The workplace is abuzz with the legal implications of the aging Canadian population. At our firm, we are often called upon to assist our clients, both employees and employers, in coping with these issues. We often assist with, among other things, accommodation requests and age discrimination claims. Two recent cases in Ontario have added to the jurisprudence regarding the aging workforce.
The first case involves Paul and Shirley Filiatrault, who, in 1967, founded Tri-County, a Kitchener area welding supplies business. In 1996, the Filiatraults entered into an agreement to sell the shares of Tri-County to Air Liquide. As part of the sale, Paul and Shirley’s sons were to keep their jobs as executives for at least three years; however, Paul (the CEO) and Shirley (the President of Human Resources), did not negotiate the same assurances for themselves.
Four days after the sale was completed in 2009, Paul and Shirley, both in their 80s at the time, were fired without notice. In considering the Filiatraults’ wrongful dismissal claim, Justice Beth Allen found that the sale did not require Paul and Shirley to resign or retire. Justice Allen determined that they were entitled to large damage awards as a result of their dismissals and in light of their 42 years of service, Paul and Shirley were each awarded wrongful dismissal damages based on 18 months’ compensation. It should be noted that Paul and Shirley had capped their loss to 18 months, or else the damage award may well have been higher.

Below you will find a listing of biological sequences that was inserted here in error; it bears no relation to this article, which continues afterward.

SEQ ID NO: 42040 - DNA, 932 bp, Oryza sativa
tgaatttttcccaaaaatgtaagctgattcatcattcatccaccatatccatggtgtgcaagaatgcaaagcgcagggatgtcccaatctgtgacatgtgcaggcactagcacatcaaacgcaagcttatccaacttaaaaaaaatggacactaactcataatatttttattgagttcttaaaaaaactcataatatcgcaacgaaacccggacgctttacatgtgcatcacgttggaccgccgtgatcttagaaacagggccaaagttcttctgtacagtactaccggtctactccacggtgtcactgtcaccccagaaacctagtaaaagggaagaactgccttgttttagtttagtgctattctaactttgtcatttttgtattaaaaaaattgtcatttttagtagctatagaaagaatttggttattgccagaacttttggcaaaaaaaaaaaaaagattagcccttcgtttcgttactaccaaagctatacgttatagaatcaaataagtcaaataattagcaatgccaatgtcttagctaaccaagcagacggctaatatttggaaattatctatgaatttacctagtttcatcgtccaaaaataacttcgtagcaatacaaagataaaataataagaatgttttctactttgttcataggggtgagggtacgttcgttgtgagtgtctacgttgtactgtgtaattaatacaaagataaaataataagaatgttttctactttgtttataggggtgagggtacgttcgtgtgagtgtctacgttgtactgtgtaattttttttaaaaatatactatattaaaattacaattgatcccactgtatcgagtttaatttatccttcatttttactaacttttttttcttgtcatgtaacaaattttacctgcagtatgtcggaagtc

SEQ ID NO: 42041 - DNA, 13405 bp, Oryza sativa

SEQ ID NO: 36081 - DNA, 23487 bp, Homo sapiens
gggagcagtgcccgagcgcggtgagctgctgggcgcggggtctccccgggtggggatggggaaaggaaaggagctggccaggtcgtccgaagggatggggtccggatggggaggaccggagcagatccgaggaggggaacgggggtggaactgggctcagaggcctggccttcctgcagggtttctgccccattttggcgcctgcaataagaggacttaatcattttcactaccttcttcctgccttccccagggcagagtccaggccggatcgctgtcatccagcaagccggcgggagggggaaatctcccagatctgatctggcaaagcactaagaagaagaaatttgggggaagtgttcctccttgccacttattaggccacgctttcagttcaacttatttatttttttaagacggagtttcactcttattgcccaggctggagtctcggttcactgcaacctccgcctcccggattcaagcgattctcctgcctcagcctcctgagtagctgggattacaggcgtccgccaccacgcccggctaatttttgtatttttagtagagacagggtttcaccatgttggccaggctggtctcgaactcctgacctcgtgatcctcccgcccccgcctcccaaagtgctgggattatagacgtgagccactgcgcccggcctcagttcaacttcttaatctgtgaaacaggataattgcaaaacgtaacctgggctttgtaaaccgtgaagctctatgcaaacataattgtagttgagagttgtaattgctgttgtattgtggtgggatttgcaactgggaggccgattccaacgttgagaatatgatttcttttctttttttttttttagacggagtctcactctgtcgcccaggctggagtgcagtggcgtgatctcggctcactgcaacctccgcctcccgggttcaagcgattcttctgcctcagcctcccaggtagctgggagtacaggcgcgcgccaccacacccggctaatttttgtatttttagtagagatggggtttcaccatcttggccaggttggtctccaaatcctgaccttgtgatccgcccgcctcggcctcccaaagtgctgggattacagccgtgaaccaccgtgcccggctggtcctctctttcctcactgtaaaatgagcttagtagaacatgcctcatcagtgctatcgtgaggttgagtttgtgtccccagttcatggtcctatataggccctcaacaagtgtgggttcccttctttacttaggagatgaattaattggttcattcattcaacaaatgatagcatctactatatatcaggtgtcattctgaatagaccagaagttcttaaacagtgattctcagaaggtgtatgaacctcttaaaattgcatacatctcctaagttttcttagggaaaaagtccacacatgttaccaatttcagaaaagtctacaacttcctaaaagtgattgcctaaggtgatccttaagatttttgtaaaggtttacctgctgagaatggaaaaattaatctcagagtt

The second recent case involves Niranjan Kotecha, a 70-year-old machine operator who was dismissed by his employer after 20 years of service and was provided with a severance of only approximately 2 months. Niranjan then applied to over 200 companies for work, without success, before suing his former employer seeking 22 months of pay in lieu of notice. At trial, the court awarded Niranjan his 22 months’ severance, after finding that re-employment had and would prove to be difficult for Niranjan in the future.
These recent cases clearly illustrate that long service employees over age 65 who are fired without cause can expect to receive large damage awards – i.e. in recognition of the specific difficulties that such employees will likely face in securing future employment.
With the elimination of mandatory retirement, and the aging baby boomer generation, employers will more and more frequently be faced with the need to dismiss older employees, whether on a just cause or without cause basis.
In such circumstances, employers must be mindful that their decision to terminate an older employee is not related to, and does not appear to be related to, the age of the employee, or of course to any other ground protected by the Ontario Human Rights Code. Otherwise, not only will their decision to terminate an older employee run afoul of the human rights regime, it will result in damage awards in excess of the notice period set out in their contact or the common law. With the aging Canadian population, employers should take dismissal decisions very seriously, and ideally seek counsel before taking this potentially costly step.